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The Canadian Press - ONLINE EDITION

Calgary Stampeders rally around receiver Joe West after murder of his brother

CALGARY - The Calgary Stampeders are giving receiver Joe West the time and support he needs to cope with the death of his brother.

Brandon Hobdy, a 23-year-old receiver at Southern Arkansas University, was shot dead off-campus early Sunday morning. Within hours of learning of the tragedy, a grieving West had 129 yards on four catches in Calgary's 32-7 win over the Redblacks in Ottawa.

The Stampeders gathered at a residential golf course Monday morning in Calgary for their annual charity tournament which raises money for high school athletics.

Head coach and general manager John Hufnagel awaited word from West on funeral arrangements and his travel plans.

"He's doing as well as can be expected," Hufnagel said. "His teammates were there to help him through it. He played the game. He played the game with a lot of emotion, obviously. But he was able to control it.

"Joe was always a respected player on our football team, but that grew leaps and bounds yesterday."

While West flew back to Calgary with the Stampeders on Sunday night, SAU held a candlelight vigil for Hobdy at Wilkins Stadium in Magnolia, Ark.

Hobdy and 24-year-old Wayne Payton were identified as the victims in a double homicide investigation, according to a Columbia County Sheriff's statement.

West, 30, is in his third season with the Stampeders. He was born in Melbourne, Fla., but played high school and college football in Texas.

His 58-yard catch from quarterback Bo Levi Mitchell in the third quarter Sunday afternoon put Calgary within 20 yards of the end zone, although the Stampeders turned the ball over on that drive.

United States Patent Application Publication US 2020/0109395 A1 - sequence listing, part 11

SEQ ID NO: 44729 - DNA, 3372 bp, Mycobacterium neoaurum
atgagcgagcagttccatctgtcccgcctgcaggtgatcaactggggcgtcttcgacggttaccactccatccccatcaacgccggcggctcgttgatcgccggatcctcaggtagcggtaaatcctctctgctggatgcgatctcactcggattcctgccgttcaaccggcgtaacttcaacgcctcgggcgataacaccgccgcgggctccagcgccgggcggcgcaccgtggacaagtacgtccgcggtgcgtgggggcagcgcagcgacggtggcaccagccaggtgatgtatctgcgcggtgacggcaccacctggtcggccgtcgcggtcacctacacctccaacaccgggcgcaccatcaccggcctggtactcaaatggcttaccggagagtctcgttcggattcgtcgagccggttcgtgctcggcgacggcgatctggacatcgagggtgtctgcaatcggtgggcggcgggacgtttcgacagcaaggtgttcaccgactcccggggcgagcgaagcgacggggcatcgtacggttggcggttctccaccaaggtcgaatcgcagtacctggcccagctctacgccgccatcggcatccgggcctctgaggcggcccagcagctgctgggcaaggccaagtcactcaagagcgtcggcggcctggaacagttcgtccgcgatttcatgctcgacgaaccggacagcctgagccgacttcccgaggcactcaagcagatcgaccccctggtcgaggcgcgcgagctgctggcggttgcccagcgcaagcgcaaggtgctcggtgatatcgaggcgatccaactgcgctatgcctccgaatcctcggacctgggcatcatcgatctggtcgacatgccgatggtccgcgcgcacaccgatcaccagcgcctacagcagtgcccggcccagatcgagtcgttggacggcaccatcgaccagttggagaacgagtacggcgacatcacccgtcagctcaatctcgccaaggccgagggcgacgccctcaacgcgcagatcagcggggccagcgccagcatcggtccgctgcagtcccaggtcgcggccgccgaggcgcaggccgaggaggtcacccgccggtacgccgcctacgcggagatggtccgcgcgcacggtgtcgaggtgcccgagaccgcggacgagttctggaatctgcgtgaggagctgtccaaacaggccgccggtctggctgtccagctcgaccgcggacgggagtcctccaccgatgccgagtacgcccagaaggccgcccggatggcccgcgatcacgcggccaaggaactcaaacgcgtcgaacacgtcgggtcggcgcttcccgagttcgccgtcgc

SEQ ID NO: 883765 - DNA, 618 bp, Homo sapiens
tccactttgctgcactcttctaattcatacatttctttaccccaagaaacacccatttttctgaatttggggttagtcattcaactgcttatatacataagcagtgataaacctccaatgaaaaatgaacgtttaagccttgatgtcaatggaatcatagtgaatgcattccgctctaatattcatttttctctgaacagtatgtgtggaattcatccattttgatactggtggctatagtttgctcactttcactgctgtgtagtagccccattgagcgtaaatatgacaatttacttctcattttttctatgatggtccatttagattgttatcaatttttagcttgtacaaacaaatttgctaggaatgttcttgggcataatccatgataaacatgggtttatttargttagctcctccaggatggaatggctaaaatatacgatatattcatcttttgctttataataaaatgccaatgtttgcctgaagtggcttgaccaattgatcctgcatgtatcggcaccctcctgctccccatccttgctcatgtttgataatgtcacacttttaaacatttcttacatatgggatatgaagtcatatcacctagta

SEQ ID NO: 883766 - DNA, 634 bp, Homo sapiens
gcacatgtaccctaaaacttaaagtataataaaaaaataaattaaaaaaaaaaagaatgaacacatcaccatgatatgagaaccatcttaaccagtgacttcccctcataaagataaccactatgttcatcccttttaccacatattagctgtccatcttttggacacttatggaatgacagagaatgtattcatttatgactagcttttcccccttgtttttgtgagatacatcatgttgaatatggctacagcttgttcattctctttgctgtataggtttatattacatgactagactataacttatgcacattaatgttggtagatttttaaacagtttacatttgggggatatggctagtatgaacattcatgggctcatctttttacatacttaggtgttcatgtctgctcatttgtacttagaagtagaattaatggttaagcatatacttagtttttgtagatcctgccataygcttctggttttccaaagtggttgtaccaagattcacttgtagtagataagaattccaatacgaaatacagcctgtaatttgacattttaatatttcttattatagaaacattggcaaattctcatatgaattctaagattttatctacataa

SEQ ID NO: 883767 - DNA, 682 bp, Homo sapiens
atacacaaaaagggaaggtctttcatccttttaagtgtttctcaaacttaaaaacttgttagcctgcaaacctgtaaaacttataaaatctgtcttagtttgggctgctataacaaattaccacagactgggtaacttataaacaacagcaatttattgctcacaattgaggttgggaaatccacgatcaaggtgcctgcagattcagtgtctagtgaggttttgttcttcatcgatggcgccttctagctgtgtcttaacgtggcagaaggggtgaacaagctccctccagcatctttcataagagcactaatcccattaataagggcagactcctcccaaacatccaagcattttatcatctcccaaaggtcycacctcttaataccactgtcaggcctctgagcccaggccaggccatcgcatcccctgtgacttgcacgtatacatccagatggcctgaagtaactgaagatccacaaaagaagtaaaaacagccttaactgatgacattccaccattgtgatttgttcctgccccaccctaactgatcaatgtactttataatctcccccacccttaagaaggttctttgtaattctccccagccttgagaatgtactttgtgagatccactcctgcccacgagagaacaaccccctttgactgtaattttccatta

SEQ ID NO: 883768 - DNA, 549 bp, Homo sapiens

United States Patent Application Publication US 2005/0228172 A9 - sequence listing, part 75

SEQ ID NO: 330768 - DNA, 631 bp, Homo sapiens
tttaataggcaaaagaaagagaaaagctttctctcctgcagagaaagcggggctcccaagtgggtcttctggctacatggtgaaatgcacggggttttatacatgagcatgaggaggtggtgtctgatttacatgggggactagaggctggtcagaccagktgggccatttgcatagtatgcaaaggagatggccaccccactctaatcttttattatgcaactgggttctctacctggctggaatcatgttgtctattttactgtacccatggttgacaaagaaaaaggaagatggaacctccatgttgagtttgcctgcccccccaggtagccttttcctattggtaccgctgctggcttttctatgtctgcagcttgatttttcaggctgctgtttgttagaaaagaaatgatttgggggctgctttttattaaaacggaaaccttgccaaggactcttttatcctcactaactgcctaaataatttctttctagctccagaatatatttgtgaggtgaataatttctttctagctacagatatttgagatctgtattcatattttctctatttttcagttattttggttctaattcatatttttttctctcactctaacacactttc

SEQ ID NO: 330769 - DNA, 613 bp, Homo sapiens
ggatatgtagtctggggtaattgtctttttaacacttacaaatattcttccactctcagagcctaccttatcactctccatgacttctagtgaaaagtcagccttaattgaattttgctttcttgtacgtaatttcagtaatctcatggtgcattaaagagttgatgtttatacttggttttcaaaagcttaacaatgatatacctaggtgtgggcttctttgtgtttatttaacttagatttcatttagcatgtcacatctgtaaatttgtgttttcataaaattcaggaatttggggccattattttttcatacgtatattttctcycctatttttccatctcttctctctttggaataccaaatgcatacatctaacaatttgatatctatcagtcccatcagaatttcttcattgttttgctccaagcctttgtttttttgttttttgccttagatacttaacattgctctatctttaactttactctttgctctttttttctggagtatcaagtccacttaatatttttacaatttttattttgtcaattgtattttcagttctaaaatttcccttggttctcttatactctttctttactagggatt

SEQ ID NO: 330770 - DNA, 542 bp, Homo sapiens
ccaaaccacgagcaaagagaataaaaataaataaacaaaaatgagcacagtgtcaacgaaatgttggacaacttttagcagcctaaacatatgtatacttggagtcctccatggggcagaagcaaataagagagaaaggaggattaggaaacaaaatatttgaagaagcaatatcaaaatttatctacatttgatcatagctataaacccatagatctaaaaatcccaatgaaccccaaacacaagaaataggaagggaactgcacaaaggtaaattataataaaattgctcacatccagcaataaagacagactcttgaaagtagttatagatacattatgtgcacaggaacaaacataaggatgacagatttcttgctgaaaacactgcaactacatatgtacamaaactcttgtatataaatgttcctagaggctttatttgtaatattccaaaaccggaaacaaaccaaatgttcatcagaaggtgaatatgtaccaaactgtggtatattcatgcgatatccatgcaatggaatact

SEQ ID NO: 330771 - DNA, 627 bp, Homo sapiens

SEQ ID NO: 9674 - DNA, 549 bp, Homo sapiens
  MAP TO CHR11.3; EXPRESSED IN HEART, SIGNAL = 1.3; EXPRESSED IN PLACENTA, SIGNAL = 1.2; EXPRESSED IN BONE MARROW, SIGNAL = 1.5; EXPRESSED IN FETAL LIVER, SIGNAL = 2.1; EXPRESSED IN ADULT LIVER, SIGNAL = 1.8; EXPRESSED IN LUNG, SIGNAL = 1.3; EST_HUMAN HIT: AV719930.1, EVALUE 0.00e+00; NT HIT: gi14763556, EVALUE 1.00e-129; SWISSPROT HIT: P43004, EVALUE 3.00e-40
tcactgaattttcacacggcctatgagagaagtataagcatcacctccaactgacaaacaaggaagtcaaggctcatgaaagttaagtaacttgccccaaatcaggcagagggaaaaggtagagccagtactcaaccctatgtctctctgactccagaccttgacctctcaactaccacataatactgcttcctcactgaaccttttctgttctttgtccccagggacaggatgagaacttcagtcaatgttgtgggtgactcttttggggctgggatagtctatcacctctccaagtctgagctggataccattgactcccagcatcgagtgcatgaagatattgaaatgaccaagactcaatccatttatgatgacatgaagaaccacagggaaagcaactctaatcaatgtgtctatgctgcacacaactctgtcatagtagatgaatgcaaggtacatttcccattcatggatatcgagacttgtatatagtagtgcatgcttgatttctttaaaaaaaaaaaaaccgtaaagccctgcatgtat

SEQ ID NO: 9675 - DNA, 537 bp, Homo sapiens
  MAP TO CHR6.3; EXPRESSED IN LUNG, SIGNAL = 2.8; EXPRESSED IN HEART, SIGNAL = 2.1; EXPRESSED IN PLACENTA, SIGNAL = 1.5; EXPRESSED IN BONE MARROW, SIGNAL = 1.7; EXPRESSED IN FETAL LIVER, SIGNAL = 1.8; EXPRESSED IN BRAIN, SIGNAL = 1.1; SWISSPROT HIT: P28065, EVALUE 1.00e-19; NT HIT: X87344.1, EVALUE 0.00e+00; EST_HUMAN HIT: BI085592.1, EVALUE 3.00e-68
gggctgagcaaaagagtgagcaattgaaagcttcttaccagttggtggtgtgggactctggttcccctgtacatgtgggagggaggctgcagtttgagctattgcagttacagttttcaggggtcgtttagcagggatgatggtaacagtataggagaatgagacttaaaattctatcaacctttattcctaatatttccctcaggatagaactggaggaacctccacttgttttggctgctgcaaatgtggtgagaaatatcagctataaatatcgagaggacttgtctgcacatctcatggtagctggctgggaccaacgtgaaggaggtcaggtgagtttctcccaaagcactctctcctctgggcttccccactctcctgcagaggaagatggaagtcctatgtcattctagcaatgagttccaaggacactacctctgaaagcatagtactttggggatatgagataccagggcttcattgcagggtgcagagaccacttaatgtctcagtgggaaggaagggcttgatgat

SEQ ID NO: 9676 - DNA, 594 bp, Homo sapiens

"His courage and strength yesterday, man, it speaks volume as to what type of guy he is," linebacker Juwan Simpson said. "I was talking to a few guys and honestly . . . I don't know if I could have played. For him to go out there and not only play but have a great game, it says a lot.

"Different people handle things differently. (We'll) just be there for him whenever he wants to talk. Whatever he wants, we'll give it to him. If he needs time, I'm sure Huf will give him time."

There was little time between West learning of his brother's death and the game. He and Hufnagel didn't discuss his participation until they met in the locker-room prior to kickoff.

"He told me he wanted to play," Hufnagel said. "I said 'Joe, do whatever you want to do. If you have to go home, whenever you have to go home, if you don't want to play, whatever you want to do, that's fine with me.'

"I was very pleased that he had the opportunity to make some game-deciding plays to help us win the game. I was hoping that would happen because I thought it would be important for the type of day that it was."

Team chaplain Rodd Sawatzky had accompanied the team to Ottawa. He provided counselling for West and the Stampeders.

Veteran slotback Nik Lewis struggled with his emotions during the game. His younger brother A.J. Ray and Hobdy were friends and Muleriders teammates at SAU.

"It was especially hard for me," Lewis said. "I didn't know if I was supposed to have fun, I didn't know how I was supposed to feel in that situation because I've never been in a situation like that.

"We all go through a bunch of stuff in life outside of football that never gets put in the media. We're there for each other all the time. This just happened to be something that's really tragic and senseless. We'll just continue to be there for each other."

Calgary receiver Martell Mallett knows West's feelings. While Mallett was a member of the Hamilton Tiger-Cats in 2012, his brother Michael was shot and killed in Pine Bluff, Ark.

"At the time, I just wanted to talk to people who had been in similar situations," Mallett said. "You have something in common and they know the hurt."

Mallett is on Calgary's injured list and didn't make the trip to Ottawa. Knowing West would be inundated with phone calls and text messages, Mallett reached out to him via text.

"Once I heard about it, it hurt me so bad," Mallett said. "My heart dropped just like it was a family member of mine. I wouldn't wish this on my worst enemy.

"I'm pretty sure we'll talk over the next few weeks, but I just wanted to let him know first and foremost 'man I love you and I know where you come from.'"

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